Medical Technology

Targeted Cancer Therapies



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Drugs that prevent the growth and spread of cancer by altering the way certain molecules and cells interact are called targeted cancer therapies. Targeted cancer therapies inhibit the growth of tumors and slows the progression of the disease throughout the body. They also boost the body's immune system and cause cancer cells to die off. They arrest the development of blood vessels in tumors and prevent their growth. FDA approved targeted cancer therapies are used to treat specific types of cancers.

One of the first types of targeted cancer therapies was a hormone receptor complex that bonded with a cell's estrogen receptors. By binding these receptors, the growth of cancer cells and tumors was prohibited. Selective estrogen receptor modulators have proven to be an effective treatment for breast cancer and other similar types of cancers. Aromatase inhibitors prevent the production of estrogen and reduce its levels within the body. Breast cancer cells and tumors rely on estrogen to grow and spread.

Other targeted cancer therapies work by interrupting bodily processes at a cellular level. The therapies prevent growth factor receptors and enzymes from reproducing mutated cancer cells. Leukemia and other types of cancers involving the blood and digestive systems are affected by these types of therapies. 

While some targeted cancer therapies bind with receptors and prevent them from creating new cells, others work by changing the cell's overall structure causing it to die. Therapies that work using this principle alter the cell's DNA and cause changes that prohibit the cell from reproducing.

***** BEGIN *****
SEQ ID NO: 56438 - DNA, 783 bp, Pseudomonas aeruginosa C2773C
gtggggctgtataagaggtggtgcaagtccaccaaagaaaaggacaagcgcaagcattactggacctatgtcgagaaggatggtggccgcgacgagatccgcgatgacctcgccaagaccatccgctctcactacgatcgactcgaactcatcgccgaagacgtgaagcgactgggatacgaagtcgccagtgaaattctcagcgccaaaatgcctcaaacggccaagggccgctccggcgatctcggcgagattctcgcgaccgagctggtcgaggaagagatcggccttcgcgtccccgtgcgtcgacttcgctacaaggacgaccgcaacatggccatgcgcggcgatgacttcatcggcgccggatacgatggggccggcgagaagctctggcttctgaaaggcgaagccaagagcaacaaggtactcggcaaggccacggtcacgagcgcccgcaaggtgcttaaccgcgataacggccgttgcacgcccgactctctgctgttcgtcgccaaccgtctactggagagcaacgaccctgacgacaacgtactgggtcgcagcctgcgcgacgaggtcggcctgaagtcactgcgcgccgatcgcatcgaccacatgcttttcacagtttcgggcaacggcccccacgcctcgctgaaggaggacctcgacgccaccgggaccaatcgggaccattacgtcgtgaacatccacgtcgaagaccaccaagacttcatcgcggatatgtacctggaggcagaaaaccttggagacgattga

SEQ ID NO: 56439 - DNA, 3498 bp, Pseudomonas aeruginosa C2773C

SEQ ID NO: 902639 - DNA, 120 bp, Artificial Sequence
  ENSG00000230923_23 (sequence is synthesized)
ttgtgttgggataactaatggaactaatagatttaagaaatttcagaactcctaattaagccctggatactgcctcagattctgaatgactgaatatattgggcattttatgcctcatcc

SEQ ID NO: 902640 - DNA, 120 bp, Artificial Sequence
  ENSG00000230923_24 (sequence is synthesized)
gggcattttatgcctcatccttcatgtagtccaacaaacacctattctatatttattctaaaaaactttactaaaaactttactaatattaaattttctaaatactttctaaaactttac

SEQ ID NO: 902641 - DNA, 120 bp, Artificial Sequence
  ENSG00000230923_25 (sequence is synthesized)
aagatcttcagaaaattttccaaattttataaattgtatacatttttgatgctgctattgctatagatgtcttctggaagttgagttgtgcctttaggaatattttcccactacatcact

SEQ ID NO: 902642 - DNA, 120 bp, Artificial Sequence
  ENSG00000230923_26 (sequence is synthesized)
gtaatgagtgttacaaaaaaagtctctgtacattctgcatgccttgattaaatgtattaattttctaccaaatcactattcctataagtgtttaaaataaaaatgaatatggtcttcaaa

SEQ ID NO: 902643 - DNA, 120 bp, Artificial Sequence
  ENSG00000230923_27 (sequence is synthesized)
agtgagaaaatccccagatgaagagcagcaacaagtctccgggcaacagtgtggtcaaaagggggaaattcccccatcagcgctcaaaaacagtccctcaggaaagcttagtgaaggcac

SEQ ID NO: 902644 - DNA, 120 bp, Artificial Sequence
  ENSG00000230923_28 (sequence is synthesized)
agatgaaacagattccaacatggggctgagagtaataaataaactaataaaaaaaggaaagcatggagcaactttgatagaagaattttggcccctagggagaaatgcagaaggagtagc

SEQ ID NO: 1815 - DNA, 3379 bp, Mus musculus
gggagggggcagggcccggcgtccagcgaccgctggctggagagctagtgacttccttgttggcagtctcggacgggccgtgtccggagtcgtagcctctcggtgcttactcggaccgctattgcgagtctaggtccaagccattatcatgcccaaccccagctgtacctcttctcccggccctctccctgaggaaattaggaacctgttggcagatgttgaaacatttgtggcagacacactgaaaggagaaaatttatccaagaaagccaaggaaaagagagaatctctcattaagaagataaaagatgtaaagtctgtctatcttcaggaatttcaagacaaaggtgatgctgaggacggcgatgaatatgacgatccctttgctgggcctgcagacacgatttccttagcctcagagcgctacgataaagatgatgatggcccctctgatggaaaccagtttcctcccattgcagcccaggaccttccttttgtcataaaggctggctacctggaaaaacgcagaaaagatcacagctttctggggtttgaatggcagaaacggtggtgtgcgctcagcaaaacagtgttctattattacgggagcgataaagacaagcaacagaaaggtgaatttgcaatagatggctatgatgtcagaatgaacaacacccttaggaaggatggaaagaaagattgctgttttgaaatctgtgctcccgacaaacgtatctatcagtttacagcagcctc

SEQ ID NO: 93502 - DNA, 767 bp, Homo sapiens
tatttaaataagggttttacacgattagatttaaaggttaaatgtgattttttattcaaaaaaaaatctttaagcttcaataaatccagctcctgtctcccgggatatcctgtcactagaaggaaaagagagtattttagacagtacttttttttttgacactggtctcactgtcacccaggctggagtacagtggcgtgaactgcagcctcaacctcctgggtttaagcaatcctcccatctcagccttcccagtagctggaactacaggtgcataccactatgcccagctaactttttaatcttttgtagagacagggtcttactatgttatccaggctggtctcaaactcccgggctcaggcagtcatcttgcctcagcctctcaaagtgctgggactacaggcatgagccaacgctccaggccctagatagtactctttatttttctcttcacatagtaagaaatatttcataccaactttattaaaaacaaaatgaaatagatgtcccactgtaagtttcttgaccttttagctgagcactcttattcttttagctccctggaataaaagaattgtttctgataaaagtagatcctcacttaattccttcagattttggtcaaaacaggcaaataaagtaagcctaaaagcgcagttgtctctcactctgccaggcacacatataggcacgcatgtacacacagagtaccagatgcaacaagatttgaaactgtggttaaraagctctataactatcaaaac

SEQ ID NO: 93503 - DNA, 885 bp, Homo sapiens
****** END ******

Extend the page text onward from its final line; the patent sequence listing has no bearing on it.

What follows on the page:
Therapies that target specific molecules may act on the environment surrounding the specific cells. By reducing blood flow and the amount of nutrients the cells receive, its growth is restricted and tumors are not allowed to develop. This type of therapy can also bolster the immune system and help it to identify and destroy mutated cells that can lead to cancer and tumor growth. Some therapies work on enzymes and hormones, while others work on proteins and other substances within the body that can cause radical changes leading to tumor and cancerous growths.

Cancer vaccines such as the one for the human papiloma virus are thought to be targeted cancer therapies because they work on a very select group of cells within the body. Targeted cancer therapies work in a variety of ways but they all have one specific goal in mind. They work on one distinct group of cells at a time. When used in conjunction with a healthy diet and other positive lifestyle changes, targeted cancer therapies offer a better chance of surviving various types of the disease.

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ARTICLE SOURCES AND CITATIONS
  • InfoBoxCallToAction ActionArrowhttp://www.sciencedaily.com/releases/2011/06/110606092520.htm
  • InfoBoxCallToAction ActionArrowhttp://www.aafp.org/afp/2008/0201/p311.html
  • InfoBoxCallToAction ActionArrowhttp://www.cancer.gov/cancertopics/factsheet/Therapy/targeted